Anyway there is such a thing as scale color and it is as Kevin said because at a smaller size less light bounces off of an object so it looks darker. The difference is most noticeable in dark colors or black.
    Far off mountains look faded because of the stuff in the air. However once in a while there is a perfectly clear day and the mountains around here suddenly look a lot closer.
    Before computers, movies used a lot of models for special effects. To make the miniature scenes look more realistic they would use fog machines to simulate haze and they would also put wedding veil in front of the camera to add to the effect. This added distance to the model.

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Posted by riogrande5761 on Tuesday, April 09, 2019 1:36 PM

rrebell

Do you all relize that the blue I see is not the blue you see. If you don't have any color issues the colors we see are slightly different from one another, has to do with the cones ect. in the eyes. Yes it is very slight but I find this interesting. Now back on subject, an objects color can be changed by reflections, distance and size. The size change comes from the total light we recieve and surounding colors. The side of barn veiwed close up will be precieved  different than say a red postage stamp surounded by yellow flowers, again these changes can be slight. Guess I remember more than I thought from art school.

 

Reminds me of quote from the movie Blade Runner:  "Roy Batty: If only you could see what I've seen with your eyes"

https://www.youtube.com/watch?v=gBaXd7dz404

So basically model train companies shouldn't worry too much because every customer will see their paint job differently.  Sounds like a losing battle!

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Posted by SeeYou190 on Tuesday, April 09, 2019 1:39 PM

riogrande5761
Well, as mentioned earlier, the reason why size affects color shade is because the smaller item is small and normally viewed indoors so the indoor lighting makes the color shades look dark.  /mystery solved.

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Wrong.

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It has to do with suface area and the way light reflects from one surface to the other on larger objects.

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A model will never be able to miniaturize the way light reflects from one surface to another and changes the color percieved by the eye. This takes surface area, and models have less of it, so the effect is lessened.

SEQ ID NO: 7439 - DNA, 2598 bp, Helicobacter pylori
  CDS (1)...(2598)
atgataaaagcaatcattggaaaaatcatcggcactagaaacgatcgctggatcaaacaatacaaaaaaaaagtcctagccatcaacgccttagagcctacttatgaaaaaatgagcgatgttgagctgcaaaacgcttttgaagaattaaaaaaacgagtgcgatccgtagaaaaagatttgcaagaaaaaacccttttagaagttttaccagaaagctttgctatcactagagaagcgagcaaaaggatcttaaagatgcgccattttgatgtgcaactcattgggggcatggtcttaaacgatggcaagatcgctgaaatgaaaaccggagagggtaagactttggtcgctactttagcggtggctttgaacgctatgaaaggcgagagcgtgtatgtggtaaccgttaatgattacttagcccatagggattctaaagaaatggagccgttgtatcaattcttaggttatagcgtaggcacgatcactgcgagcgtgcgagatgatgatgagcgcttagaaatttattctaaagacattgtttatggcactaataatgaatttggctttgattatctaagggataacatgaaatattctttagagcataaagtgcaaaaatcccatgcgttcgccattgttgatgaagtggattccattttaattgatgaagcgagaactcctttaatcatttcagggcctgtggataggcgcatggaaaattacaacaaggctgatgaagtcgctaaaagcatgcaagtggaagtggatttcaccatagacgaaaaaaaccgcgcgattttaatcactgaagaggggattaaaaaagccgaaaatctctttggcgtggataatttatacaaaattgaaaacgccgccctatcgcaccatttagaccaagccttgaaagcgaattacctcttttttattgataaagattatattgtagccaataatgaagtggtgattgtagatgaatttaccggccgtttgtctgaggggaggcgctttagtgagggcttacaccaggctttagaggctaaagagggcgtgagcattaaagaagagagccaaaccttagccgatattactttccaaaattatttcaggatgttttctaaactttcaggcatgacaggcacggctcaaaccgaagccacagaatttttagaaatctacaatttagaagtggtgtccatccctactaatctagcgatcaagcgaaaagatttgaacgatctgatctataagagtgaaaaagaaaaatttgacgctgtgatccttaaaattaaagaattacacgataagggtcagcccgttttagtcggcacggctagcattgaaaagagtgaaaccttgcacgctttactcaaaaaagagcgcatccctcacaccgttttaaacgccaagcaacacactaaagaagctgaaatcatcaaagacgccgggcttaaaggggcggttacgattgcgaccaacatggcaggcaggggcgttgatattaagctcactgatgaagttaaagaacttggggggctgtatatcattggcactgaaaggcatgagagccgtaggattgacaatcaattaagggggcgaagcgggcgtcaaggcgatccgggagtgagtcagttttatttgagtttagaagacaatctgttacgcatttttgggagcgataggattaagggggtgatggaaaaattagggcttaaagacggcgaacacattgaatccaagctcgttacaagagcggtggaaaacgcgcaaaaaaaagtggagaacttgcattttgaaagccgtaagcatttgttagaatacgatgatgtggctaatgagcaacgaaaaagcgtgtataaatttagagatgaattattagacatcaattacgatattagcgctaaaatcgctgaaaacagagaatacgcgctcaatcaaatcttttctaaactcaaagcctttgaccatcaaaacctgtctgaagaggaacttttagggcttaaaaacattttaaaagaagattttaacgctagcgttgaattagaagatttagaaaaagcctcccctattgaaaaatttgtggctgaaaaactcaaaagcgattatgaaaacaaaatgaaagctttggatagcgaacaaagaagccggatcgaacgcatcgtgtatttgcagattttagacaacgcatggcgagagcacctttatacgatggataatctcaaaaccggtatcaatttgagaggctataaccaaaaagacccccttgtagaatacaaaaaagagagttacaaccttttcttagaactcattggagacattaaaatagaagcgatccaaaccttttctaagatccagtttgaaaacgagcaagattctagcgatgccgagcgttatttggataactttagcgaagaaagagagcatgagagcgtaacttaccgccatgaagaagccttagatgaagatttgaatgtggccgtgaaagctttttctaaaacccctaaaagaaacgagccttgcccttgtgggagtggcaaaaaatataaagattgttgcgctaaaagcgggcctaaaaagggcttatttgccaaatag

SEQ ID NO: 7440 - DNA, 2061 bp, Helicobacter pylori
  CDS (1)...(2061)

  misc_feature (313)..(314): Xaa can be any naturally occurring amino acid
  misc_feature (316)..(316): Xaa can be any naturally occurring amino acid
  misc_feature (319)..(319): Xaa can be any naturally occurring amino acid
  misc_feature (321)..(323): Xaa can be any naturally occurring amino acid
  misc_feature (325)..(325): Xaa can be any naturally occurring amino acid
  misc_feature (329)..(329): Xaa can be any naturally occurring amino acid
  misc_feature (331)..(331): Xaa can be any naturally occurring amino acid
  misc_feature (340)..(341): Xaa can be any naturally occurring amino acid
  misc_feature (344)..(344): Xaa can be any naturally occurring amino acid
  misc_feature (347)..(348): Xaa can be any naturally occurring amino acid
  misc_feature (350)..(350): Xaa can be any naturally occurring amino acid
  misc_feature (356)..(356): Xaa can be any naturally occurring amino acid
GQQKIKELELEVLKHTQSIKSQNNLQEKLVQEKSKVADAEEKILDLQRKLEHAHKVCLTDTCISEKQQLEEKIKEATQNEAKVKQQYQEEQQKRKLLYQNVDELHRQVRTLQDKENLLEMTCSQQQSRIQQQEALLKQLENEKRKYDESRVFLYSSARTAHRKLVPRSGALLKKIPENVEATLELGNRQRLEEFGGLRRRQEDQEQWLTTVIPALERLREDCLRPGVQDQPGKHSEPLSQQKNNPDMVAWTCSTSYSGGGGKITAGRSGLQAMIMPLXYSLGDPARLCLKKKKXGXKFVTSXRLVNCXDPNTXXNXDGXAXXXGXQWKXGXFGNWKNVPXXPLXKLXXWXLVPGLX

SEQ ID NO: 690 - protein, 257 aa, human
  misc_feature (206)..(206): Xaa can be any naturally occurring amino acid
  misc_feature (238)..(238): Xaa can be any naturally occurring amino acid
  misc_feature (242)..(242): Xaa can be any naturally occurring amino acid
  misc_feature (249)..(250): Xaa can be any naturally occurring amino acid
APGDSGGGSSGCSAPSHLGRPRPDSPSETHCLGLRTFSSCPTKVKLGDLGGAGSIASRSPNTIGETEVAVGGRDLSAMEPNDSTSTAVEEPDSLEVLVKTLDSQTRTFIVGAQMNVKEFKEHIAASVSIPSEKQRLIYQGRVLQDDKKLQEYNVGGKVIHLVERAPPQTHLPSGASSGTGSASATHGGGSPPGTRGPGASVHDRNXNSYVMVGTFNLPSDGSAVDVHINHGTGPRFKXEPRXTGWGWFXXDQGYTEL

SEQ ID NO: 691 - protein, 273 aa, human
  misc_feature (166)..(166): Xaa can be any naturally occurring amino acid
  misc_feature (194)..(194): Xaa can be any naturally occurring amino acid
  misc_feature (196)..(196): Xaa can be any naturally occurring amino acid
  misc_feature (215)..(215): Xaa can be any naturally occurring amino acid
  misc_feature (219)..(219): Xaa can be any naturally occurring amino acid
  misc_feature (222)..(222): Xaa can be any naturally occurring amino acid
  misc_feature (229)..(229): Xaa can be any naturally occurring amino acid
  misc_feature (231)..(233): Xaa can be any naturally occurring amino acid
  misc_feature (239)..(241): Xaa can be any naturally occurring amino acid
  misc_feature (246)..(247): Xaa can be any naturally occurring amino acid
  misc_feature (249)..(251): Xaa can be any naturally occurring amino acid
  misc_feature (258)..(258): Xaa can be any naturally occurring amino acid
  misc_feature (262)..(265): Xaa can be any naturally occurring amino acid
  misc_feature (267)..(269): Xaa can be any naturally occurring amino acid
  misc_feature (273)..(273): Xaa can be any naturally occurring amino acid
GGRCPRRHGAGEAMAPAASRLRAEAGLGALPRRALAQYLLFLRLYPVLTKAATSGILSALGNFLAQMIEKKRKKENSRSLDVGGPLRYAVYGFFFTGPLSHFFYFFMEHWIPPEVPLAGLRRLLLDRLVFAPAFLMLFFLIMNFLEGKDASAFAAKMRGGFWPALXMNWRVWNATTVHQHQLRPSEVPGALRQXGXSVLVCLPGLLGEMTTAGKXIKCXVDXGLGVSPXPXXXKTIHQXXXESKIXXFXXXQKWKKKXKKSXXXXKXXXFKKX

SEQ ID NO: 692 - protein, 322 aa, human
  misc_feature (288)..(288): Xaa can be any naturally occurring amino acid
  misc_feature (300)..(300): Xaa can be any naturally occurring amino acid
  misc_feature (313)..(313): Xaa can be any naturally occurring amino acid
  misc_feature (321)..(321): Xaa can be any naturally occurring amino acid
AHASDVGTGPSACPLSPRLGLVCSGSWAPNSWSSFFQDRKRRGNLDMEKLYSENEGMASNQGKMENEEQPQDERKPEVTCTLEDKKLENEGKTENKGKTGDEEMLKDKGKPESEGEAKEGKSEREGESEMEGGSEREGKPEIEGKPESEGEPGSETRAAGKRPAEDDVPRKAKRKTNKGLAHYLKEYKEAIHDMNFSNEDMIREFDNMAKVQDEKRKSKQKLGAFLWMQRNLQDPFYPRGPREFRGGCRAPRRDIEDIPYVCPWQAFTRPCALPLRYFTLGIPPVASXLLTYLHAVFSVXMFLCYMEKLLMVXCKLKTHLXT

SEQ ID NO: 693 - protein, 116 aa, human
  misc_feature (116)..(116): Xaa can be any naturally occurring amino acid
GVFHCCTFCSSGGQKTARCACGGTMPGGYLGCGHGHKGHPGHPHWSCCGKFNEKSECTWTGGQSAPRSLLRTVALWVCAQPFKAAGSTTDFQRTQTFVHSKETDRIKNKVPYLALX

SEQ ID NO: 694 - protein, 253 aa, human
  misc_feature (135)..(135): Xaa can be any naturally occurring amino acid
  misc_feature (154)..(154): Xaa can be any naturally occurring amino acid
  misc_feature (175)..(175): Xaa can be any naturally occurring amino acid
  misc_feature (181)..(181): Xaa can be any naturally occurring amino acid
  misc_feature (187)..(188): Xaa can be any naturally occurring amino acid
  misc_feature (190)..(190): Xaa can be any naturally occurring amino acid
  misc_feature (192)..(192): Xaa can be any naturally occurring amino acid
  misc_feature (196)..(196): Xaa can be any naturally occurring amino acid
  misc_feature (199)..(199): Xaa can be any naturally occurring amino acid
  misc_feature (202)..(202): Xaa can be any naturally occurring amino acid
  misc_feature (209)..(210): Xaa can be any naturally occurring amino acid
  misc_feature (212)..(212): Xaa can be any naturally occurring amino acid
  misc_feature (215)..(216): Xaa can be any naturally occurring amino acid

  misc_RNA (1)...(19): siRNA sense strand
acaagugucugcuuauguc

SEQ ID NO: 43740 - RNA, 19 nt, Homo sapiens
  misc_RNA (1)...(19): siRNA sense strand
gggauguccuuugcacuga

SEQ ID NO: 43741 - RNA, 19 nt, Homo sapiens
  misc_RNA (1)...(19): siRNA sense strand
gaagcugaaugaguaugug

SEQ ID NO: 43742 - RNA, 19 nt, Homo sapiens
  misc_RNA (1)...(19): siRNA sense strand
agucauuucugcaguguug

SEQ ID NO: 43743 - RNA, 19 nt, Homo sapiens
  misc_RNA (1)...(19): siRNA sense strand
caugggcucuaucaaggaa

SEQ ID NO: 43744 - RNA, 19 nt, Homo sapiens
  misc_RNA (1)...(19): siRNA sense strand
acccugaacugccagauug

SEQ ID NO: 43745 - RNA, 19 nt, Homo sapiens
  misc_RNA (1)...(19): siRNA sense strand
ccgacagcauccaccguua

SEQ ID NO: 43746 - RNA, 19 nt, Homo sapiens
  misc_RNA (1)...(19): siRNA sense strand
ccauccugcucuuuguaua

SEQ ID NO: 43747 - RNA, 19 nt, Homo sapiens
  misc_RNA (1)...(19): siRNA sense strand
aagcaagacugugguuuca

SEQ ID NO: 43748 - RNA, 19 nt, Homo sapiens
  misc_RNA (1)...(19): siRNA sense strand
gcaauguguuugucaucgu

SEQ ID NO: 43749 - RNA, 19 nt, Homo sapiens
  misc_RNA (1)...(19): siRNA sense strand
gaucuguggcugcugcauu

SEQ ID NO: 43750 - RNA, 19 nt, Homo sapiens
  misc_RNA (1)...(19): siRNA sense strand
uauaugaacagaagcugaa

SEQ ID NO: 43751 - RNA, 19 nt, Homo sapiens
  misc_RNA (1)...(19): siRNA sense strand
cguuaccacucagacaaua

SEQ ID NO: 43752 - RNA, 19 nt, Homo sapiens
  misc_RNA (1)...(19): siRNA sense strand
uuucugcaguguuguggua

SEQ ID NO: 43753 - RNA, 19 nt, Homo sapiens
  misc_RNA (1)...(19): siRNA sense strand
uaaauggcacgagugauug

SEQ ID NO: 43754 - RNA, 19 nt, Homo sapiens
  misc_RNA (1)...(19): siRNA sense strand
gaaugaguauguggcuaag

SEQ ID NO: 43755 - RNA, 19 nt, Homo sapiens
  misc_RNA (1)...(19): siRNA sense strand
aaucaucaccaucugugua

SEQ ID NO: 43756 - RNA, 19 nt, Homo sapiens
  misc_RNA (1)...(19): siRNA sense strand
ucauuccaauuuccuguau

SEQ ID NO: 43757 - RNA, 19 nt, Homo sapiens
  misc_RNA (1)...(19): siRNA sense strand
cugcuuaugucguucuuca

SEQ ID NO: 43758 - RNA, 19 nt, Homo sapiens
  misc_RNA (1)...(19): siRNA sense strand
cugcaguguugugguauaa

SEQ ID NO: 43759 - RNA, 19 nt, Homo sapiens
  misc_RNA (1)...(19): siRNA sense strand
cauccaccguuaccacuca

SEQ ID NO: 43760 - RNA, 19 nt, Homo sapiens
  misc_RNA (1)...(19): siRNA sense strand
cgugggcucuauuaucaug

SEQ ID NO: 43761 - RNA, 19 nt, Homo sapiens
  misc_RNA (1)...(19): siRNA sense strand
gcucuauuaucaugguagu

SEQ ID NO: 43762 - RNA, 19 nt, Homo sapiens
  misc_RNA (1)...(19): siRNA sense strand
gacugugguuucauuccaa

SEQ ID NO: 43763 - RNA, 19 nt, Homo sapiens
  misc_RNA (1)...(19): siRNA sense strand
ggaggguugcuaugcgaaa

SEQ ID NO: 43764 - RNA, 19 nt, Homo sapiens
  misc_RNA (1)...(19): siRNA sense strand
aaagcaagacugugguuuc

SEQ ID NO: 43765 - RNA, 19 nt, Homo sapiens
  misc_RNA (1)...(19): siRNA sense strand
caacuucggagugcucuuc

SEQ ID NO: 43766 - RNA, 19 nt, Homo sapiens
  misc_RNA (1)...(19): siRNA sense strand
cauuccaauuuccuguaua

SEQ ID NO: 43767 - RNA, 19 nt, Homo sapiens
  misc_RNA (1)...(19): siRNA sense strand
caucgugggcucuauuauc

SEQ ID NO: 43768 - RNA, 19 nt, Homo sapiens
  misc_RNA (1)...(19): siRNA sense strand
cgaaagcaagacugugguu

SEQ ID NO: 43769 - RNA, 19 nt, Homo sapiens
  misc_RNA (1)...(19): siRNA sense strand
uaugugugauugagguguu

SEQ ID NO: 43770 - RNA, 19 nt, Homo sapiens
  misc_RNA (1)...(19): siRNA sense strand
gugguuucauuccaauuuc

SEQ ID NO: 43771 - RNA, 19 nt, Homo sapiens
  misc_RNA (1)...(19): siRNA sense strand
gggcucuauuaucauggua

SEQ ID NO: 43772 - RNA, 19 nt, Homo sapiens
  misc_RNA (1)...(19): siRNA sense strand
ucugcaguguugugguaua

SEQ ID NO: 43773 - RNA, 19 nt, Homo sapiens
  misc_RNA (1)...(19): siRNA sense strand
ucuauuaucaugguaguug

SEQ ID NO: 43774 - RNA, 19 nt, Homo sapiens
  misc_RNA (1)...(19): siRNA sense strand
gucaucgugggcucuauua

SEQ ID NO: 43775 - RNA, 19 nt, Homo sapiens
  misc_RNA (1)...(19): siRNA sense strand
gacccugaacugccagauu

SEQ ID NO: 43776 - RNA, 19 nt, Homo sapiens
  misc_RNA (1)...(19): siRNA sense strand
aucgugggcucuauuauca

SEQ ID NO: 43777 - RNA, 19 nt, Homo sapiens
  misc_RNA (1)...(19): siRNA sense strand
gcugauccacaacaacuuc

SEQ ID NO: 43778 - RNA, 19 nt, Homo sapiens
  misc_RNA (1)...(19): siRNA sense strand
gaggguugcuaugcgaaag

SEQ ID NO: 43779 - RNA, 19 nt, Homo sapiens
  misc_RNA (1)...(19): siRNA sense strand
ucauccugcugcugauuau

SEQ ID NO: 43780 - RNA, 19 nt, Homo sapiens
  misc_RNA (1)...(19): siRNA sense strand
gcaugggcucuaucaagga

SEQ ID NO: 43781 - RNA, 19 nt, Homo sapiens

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When light bounces from one surface to another some of the spectrum of the light is absorbed by the first surface. This diminishes the color available when it hits the second surface, thus the color reflected to your eye is different. The physics is very complicated, and well beyond the ability to be described in a brief forum response. However, it is impossible to reproduce this effect on a miniature. It must either be painted on (my preference), simulated with different warmth light sources, or enhanced in digital photographs.

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If you really want the mystery solved, I suggest you read all the well thought out and explained topics on this subject that can be found on military scale modeling forums or in Fine Scale Modeler back issues. 

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There are also excellent books for artists on how to duplicate the lighting effects of large geometric objects.

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Look at this picture of a CSX locomotive. It is safe to assume it is all pretty much CSX corporate blue.

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Now we have the same picture all mish-mashed around. Look at the extremes of color from light baby blue to dark navy blue. This cannot be duplicated on a model due to small surface area and less reflective light coming back to the viewer.

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This is all because of surface area and the diminished spectrum of reflected light.

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Yes, to answer Track Fiddler's question, the size of the model does effect color.

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-Kevin

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Posted by dknelson on Tuesday, April 09, 2019 6:09 PM

At the risk of sounding like a fool (or perhaps of being a fool and merely making that plain) I think there might be a case for having a different view of color and color density as the scale gets smaller.  And that is, the smaller the scale of the model the more different colors -- the greater number of colors -- our eye is trying to take in at any one glance: the red barn, but also the yellow locomotive, the blue boxcar, the green tree, the brown cow, blue sky, and so on.  Taking in all those colors - perhaps wildly clashing colors at that - and our mind thinks "circus clown" or "gumball machine."  (or Google Images "OppoSuits"  Yikes!)

Even if all the colors are each accurate.  That can be the impression in looking any a model of any size versus the "real world."  And quite possibly that sense of unreality gets greater the smaller the models and the more dense the color (and texture) variety is in our field of vision.